The Power Broker

By Robert A. Caro,

Book cover of The Power Broker: Robert Moses and the Fall of New York

Book description

The Power Broker by Robert A. Caro is 'simply one of the best non-fiction books in English of the last forty years' (Dominic Sandbrook, Sunday Times): a riveting and timeless account of power, politics and the city of New York by 'the greatest political biographer of our times' (Sunday Times);…

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Why read it?

8 authors picked The Power Broker as one of their favorite books. Why do they recommend it?

After I saw the film, Turn Every Page, which featured the relationship between editor Robert Gottlieb, and the book’s author, Robert Cairo, I decided I had to read this very famous book, and one that I should have read years ago. 

It’s massive and somewhat daunting, but once I started, I couldn’t put it down. I write (and used to teach) about environmental politics. This book, which focuses on the career of Robert Moses, can also be viewed as an environmental history of New York City’s built environment: the parks, the highways, the housing developments, and even the playgrounds.…

Do you remember watching the news during the pandemic, when you could see everybody’s bookcases for the first time? 

There’s a reason that everyone kept noticing this book over and over and again. First, it’s really long, which means it’s thick and the spine is very recognizable. More importantly, most people read it because of what Caro has to say about the nature of political power.

It’s a biography of Robert Moses, who held multiple state and local positions that allowed him to build most of the infrastructure in and around New York City during the mid-twentieth century: highways, bridges,…

From Jonathan's list on the history of New York City.

A gnawing hunger for the truth animates this towering author’s work on Robert Moses, New York City’s longtime “master builder” who reshaped and indisputably wrecked large chunks of thriving Gotham over the first half of the twentieth century. This book was staggeringly influential for me as a young urbanist and author coming to grips with the forces that mold the urban landscape. Caro’s intrepid, old-school reporting—a model of investigative journalism, the likes of which we could sorely use more of today—showed how one dogged writer could blow open the portals of power, hold the mighty to account, and reframe how…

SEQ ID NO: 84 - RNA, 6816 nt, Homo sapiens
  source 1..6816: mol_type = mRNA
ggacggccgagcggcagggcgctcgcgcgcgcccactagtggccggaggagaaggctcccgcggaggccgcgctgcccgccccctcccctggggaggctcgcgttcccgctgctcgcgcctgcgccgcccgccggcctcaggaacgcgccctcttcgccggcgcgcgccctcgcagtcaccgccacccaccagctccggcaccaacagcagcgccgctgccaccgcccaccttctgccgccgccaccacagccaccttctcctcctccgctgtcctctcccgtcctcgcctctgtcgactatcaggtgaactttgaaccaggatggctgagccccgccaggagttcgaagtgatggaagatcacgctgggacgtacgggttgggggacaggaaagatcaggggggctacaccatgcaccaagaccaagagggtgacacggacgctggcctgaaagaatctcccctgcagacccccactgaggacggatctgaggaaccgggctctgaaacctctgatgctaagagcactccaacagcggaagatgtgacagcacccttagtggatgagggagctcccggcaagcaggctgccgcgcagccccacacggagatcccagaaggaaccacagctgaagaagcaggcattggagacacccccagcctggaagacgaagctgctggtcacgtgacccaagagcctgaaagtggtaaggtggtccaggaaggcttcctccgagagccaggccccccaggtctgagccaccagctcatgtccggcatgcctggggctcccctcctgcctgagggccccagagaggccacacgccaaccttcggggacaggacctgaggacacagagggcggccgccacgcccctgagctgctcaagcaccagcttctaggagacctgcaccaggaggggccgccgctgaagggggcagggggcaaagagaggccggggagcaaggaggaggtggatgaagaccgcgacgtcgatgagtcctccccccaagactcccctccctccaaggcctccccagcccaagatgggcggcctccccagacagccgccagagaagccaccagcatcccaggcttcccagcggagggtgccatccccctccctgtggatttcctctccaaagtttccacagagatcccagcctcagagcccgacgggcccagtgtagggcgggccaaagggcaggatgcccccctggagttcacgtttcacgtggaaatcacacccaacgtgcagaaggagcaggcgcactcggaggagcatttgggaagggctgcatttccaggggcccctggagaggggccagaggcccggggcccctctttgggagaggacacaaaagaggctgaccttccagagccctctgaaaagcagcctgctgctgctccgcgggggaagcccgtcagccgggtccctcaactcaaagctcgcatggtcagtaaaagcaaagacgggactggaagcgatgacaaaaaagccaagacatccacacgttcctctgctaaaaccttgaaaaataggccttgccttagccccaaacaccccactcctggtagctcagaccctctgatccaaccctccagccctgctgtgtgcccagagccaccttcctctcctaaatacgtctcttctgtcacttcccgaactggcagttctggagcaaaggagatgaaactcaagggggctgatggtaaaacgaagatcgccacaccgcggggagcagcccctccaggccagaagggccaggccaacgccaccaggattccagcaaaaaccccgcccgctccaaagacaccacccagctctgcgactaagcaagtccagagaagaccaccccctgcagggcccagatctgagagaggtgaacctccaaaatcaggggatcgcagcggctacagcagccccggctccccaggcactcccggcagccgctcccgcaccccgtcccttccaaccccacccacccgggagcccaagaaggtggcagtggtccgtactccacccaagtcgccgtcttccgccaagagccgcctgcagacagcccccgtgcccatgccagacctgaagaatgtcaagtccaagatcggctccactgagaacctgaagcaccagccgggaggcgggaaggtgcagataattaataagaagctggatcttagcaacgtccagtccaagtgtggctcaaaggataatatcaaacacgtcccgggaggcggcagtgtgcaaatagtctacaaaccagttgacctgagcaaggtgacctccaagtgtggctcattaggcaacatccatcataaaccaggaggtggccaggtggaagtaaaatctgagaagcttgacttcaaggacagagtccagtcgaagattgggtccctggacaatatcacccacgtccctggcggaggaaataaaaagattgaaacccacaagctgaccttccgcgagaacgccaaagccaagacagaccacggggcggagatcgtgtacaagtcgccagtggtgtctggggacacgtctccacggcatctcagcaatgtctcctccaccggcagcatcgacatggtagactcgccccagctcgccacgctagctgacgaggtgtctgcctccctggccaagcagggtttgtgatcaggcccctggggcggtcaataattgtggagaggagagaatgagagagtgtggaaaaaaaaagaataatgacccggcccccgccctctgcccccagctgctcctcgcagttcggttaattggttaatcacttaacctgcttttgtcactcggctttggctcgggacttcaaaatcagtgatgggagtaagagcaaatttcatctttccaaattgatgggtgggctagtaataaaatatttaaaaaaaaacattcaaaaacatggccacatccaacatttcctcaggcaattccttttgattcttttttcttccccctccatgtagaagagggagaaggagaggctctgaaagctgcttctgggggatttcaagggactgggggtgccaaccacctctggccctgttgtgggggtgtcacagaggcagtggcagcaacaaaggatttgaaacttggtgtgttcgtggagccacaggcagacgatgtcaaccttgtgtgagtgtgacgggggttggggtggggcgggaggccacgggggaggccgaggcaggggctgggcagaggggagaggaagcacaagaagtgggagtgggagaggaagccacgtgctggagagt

Arguably, no single person has shaped the built environment of New York City as much as Robert Moses. To some, he was an evil dictator imposing his will on the urban fabric; while to others, he was the man who got things done. In his four-decade career, Moses oversaw the buildings of beaches, parks, highways, bridges, tunnels, public housing, slum clearance projects, and World Fairs. Caro’s work is a detailed chronicle of Moses’ life and projects. Five decades later, one can quibble with Caro’s conclusions, but it remains a jaw-dropping tome about how Moses reshaped New York, for good and…

From Jason's list on the New York City skyline.

The Power Broker is thought of as one of the best biographies of all time, having won the Pulitzer in 1974. Author Robert Caro traces the steps city planner Robert Moses took in implementing his vision of New York City, oftentimes at the detriment of the communities he served. It continues to be a lesson in what not to do when designing for the future. 

Before embarking on the Bolshoi as my historical fiction playground, I spent a summer writing a fairy tale about Coney Island - the 19th century Luna Park turned into a 20th-century honkey-tonk ghetto, courtesy of a totalitarian parks department commissioner. Robert Caro’s biography of Robert Moses is the definitive account of the man who made New York City modern, but it also cleaves to urban gothic. The Power Broker could be subtitled Frankenstein’s metropolis. It’s about what happens when we build what we can, and not what we should. 

In this saga, Robert Caro traces the career of Robert Moses, New York’s “master builder,” who was never elected to public office but for decades was the most powerful man in the city. Part social history, part Shakespearean tragedy, The Power Broker is the story of Moses’s long fall from an idealistic young builder to a tyrant obsessed with accumulating personal power at the expense of all else. Through the accretion of innumerable well-researched details Caro plumbs the full depths of his central character, while revealing how Moses’s misguided policies carved the heart out of countless New York neighborhoods; in…

From Matthew's list on books that read like novels.

When I showed up as a young reporter to cover my first state legislature, a wise old senator told me to read this book. It was time, he said, to graduate from civics class to the real world. As the author of a stunning multi-part biography of Lyndon B. Johnson, Caro has made himself immortal: the best writer on power since Machiavelli. But this earlier biography of Robert Moses, the man who built modern New York, is arguably more instructive, because the connection between people and projects is so intimate—often brutally so.

From David's list on how American politics really works.

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